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The Gaied Decision: a rare victory for tax sanity in New York

EZ Thoughts

By Edward Zelinsky


In a unanimous decision, New York’s Court of Appeals, the Empire State’s highest court, recently held that John Gaied was not a New York resident for income tax purposes because he had no New York home.

Mr. Gaied was domiciled in New Jersey and had a business on Staten Island to which he commuted daily. He purchased a multi-family apartment building near his business in New York, both as an investment and to house his parents who lived in the building’s first floor apartment.

New York’s tax commissioner claimed that this Staten Island building made Mr. Gaied a New York resident for tax purposes. The New York Tax Appeals Tribunal and the New York Appellate Division affirmed the commissioner’s determination that this building constituted Mr. Gaied’s “permanent place of abode” in New York – even though Mr. Gaied personally did not lived there.

The good news is that Mr. Gaied ultimately prevailed. The bad news is that he had to fight his way to New York’s highest court to prevail. As that court held, “in order for a taxpayer to have maintained a permanent place of abode in New York, the taxpayer must, himself, have a residential interest in the property.” Since it was Mr. Gaied’s parents who lived in the first floor apartment, not Mr. Gaied himself, he was not a New York resident for tax purposes.

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Mr. Gaied’s lawyer, Timothy P. Noonan of Hodgson Russ, LLP, is entitled to be proud of this victory for tax sanity in New York. The problem is that such sanity is all too rare. Mr. Gaied had to go to New York’s highest court to establish the common sense proposition that a “place of abode” is a location at which the taxpayer actually lives.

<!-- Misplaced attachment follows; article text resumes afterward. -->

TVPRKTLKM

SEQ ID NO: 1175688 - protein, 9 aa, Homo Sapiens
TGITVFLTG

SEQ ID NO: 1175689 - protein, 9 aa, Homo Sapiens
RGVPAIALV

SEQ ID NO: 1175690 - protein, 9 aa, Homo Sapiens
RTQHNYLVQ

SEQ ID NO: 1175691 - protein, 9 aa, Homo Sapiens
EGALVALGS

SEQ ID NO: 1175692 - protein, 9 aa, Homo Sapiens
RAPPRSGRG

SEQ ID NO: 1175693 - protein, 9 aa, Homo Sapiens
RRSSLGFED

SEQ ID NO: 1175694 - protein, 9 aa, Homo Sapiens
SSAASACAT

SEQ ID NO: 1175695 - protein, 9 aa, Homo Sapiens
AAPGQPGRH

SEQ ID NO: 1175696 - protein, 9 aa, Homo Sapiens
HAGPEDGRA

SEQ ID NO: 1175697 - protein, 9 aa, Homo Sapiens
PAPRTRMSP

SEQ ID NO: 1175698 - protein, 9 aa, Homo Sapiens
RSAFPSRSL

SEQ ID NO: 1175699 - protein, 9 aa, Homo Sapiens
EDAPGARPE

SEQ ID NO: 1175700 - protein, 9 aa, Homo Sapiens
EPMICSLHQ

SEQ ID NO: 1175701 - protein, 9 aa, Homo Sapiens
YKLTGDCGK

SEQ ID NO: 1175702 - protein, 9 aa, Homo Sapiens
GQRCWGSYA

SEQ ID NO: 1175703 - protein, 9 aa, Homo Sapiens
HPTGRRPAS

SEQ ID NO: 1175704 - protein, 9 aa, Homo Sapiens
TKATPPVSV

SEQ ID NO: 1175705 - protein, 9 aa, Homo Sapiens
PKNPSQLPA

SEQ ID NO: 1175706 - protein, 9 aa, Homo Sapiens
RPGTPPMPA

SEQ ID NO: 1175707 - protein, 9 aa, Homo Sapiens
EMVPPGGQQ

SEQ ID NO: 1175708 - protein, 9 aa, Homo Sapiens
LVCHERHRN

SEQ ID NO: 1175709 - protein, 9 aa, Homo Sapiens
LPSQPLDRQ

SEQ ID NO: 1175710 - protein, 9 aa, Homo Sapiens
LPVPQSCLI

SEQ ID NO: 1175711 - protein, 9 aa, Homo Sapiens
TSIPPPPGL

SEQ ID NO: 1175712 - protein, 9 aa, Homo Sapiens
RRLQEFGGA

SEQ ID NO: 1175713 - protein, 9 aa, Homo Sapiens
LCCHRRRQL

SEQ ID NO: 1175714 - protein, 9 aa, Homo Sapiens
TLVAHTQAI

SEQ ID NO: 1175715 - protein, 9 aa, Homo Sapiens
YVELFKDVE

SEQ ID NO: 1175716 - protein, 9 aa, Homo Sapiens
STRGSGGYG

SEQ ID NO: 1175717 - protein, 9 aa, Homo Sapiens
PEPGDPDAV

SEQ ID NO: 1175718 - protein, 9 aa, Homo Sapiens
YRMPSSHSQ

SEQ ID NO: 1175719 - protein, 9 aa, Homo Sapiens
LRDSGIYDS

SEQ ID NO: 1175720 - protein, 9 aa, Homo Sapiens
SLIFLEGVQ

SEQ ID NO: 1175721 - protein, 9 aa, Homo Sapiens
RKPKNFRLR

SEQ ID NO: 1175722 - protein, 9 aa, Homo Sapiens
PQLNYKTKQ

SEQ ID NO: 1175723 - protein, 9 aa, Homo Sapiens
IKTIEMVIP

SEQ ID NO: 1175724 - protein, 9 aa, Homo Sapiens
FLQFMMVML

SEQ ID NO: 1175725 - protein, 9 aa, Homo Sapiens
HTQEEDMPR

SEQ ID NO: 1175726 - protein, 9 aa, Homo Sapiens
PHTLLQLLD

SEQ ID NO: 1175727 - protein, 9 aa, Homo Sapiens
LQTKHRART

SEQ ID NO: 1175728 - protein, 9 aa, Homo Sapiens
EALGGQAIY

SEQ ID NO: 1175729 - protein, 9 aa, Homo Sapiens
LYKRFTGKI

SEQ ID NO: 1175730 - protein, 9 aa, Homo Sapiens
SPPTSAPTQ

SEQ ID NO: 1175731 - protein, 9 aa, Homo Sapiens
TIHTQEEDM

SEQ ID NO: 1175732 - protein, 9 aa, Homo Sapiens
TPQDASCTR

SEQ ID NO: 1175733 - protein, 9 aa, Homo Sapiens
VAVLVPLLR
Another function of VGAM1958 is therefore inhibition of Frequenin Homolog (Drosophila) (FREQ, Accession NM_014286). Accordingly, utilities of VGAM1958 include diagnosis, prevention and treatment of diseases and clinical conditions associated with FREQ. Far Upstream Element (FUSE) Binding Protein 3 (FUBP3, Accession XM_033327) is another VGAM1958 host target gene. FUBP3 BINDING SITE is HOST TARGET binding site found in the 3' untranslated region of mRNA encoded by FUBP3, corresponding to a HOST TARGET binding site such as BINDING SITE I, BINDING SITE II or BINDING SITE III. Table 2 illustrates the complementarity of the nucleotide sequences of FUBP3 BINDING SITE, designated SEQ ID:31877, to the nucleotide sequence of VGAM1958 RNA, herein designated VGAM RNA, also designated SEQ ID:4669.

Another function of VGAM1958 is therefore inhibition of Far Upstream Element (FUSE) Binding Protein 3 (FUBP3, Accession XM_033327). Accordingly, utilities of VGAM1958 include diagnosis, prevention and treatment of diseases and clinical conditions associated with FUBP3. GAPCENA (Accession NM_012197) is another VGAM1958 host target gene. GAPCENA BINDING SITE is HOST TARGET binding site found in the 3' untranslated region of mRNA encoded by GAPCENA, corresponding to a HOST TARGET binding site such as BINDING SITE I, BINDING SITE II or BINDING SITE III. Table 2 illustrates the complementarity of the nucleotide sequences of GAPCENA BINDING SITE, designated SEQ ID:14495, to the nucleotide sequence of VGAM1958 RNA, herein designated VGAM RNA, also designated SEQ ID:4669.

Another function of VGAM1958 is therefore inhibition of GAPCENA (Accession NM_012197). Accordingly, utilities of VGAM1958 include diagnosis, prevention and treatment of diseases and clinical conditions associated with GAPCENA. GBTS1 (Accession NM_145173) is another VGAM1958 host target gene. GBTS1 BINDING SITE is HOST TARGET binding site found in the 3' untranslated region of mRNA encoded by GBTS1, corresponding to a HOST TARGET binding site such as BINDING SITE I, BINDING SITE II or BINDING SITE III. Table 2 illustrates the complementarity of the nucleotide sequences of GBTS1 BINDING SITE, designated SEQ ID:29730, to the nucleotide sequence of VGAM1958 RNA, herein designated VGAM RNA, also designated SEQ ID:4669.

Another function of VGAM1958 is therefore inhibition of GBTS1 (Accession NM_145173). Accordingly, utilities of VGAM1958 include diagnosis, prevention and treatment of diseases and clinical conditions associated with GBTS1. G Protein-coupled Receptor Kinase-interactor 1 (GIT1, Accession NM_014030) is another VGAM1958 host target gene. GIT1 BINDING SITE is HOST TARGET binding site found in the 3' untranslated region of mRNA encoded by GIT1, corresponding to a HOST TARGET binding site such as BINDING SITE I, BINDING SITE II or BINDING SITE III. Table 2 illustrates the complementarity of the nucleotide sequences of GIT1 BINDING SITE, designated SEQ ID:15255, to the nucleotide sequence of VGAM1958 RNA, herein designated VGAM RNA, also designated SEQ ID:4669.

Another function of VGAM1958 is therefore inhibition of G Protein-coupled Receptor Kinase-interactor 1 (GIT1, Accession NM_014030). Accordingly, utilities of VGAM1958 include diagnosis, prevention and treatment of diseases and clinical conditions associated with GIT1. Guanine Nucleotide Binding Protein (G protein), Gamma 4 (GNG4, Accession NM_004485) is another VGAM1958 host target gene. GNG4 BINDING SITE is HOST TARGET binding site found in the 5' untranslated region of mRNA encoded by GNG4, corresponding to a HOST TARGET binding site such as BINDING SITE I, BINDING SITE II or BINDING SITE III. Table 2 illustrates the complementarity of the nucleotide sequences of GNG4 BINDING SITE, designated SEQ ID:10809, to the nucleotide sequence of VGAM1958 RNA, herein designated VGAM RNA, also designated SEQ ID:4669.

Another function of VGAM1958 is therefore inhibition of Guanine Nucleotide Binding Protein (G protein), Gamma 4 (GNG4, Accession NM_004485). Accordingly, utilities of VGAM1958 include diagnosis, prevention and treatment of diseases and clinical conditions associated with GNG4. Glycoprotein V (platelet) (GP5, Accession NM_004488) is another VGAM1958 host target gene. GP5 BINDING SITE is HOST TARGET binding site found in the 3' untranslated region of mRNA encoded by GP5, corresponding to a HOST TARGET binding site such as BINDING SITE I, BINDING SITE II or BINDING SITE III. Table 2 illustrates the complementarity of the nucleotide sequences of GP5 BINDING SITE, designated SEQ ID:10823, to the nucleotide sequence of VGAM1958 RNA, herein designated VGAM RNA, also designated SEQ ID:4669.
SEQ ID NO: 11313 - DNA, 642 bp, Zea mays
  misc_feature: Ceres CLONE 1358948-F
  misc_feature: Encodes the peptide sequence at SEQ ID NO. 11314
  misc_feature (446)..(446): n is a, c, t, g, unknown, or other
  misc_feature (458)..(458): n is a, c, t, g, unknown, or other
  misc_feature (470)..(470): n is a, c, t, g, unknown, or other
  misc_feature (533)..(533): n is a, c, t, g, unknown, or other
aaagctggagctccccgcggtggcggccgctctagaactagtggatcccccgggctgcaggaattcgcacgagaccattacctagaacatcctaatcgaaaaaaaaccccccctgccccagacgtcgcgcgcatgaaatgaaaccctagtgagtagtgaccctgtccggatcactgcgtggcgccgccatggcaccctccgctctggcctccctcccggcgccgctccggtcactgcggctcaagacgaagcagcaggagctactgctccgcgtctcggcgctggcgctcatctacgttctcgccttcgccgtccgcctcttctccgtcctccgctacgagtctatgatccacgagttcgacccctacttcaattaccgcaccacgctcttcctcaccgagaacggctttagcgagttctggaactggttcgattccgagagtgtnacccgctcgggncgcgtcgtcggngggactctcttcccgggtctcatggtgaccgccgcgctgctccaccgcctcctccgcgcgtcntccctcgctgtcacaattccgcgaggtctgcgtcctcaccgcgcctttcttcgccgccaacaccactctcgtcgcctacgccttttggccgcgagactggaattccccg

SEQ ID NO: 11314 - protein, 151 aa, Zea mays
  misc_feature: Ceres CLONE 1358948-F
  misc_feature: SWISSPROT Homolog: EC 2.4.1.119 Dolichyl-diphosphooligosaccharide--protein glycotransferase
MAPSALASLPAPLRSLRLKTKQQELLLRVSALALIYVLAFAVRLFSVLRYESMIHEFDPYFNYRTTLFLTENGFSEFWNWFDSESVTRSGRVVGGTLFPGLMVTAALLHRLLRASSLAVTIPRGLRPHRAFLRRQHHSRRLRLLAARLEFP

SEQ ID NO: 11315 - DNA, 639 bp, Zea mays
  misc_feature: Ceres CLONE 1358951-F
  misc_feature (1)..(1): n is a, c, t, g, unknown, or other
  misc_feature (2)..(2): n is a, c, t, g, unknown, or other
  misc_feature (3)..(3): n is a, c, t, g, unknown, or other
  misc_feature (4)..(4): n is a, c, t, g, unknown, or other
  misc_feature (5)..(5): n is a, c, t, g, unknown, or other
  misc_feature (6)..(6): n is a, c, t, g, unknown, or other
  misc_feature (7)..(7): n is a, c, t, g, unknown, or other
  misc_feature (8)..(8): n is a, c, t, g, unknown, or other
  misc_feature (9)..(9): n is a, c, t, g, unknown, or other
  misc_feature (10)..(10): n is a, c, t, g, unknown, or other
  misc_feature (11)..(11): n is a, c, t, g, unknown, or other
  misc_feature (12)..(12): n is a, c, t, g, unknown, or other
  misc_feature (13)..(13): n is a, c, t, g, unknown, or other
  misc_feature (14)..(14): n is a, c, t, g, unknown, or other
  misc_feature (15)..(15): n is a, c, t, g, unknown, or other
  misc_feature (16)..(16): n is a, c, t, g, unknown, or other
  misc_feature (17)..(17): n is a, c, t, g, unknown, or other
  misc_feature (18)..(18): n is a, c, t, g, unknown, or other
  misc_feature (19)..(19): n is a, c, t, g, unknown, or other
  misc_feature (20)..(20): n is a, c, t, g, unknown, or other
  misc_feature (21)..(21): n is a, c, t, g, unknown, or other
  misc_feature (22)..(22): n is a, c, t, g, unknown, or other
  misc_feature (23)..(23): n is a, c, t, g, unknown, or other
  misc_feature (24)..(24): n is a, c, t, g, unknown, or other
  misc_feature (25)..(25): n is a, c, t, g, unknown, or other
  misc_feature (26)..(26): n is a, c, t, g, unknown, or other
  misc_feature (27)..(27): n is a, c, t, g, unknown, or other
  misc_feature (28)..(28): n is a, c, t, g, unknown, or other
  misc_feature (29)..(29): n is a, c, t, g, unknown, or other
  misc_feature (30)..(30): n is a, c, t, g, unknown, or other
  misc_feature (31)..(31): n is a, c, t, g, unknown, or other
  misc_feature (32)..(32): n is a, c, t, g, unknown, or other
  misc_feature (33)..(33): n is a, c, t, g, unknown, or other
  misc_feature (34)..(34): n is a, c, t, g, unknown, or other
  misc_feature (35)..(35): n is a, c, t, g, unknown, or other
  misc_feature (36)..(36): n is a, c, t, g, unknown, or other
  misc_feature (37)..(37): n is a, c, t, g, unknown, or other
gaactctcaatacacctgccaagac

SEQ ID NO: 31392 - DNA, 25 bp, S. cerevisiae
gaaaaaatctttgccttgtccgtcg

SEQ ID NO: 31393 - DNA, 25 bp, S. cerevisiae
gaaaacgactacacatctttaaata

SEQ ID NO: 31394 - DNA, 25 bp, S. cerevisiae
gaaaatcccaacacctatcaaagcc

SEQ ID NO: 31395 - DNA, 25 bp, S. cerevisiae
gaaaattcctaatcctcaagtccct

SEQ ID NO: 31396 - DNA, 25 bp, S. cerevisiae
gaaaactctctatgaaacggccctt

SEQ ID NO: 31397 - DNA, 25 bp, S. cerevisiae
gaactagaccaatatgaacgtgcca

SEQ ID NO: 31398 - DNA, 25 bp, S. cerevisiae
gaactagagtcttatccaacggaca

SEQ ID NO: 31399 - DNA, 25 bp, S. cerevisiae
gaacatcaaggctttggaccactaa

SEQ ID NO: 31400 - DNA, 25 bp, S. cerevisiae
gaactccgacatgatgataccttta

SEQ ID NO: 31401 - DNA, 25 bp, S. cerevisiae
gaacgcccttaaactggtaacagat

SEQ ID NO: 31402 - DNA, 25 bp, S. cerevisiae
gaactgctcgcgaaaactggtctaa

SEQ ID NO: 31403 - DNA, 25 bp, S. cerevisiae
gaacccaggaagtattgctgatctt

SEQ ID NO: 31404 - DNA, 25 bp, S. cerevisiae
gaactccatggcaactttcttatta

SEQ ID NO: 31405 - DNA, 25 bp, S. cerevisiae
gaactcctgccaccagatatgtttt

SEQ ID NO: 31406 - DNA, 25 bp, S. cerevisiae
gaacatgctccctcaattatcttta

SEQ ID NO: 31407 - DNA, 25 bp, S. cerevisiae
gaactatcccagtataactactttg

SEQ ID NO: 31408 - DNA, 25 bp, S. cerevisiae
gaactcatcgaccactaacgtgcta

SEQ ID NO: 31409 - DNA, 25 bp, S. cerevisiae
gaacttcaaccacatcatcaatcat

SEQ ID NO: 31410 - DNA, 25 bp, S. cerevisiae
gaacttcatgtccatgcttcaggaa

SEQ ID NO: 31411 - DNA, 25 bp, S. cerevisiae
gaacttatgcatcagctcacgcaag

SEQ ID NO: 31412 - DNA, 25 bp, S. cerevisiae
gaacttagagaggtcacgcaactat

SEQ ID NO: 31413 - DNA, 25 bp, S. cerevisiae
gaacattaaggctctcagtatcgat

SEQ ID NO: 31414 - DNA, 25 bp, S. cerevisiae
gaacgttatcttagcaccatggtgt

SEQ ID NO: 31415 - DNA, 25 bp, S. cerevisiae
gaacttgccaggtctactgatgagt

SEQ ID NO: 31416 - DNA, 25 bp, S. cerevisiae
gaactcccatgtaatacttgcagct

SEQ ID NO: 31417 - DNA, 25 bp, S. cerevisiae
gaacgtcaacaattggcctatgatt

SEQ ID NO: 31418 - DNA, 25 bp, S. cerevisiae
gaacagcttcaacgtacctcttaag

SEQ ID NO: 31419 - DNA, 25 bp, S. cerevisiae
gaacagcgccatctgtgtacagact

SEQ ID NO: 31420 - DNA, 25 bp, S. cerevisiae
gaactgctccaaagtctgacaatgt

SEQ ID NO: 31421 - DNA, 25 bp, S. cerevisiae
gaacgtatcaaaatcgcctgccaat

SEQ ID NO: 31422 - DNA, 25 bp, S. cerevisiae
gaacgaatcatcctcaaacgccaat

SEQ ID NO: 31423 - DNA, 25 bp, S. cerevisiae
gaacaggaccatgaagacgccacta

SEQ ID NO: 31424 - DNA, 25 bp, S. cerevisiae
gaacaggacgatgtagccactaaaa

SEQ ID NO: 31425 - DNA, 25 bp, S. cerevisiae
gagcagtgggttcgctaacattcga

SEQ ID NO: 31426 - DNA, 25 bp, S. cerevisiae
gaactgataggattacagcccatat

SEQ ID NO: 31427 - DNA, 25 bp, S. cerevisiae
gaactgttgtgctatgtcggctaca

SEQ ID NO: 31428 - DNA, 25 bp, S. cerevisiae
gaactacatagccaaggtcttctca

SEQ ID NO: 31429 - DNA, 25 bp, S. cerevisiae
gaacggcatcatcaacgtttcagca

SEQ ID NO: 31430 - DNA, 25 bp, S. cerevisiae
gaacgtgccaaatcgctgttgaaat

Unfortunately, the kind of irrationality manifested by New York’s tax commissioner in Gaied is endemic to New York’s tax system. Consider, for example, New York’s insistence that the modest beach house owned and used by Mr. John J. Barker for a handful of vacation days each year transforms Mr. Barker into a New York resident, even though his permanent home is in Connecticut. Or consider New York’s “convenience of the employer” doctrine under which New York taxes the income earned by nonresident telecommuters on the days such telecommuters work at their out-of-state homes and don’t set foot in the Empire State. There is much that is irrational and self-destructive in New York tax policy.

Governor Cuomo has eloquently proclaimed that New York can no longer be “the tax capital” of the United States. The Governor is right. Hopefully, Gaied will signal to New York’s policymakers the need to reform New York’s self-destructive approach to personal income taxation. Repairing New York’s definition of residence and abolishing the “convenience of the employer” doctrine would be good places to start.

ZelinskiEdward A. Zelinsky is the Morris and Annie Trachman Professor of Law at the Benjamin N. Cardozo School of Law of Yeshiva University. He is the author of The Origins of the Ownership Society: How The Defined Contribution Paradigm Changed America. His monthly column appears on the OUPblog.

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Image credit: A section of the New York City. © diane39 via iStockphoto.

Recent Comments

  1. Yuri

    There is another quirk about NY nonresident income tax. We live in NJ and most of our family income is from that state. I had some income from NYC as well. When I compute NY income tax as a nonresident (IT-203), I must compute the tax on our entire income first, as appears on federal return. Since it is obviously larger than the NY portion alone, a higher tax bracket applies. Then I must multiply that tax by the fraction of our income actually earned in NY state. So, we end up overpaying to NY state. How can they get away with it – just because NJ residents like myself don’t get to vote for NY pols?

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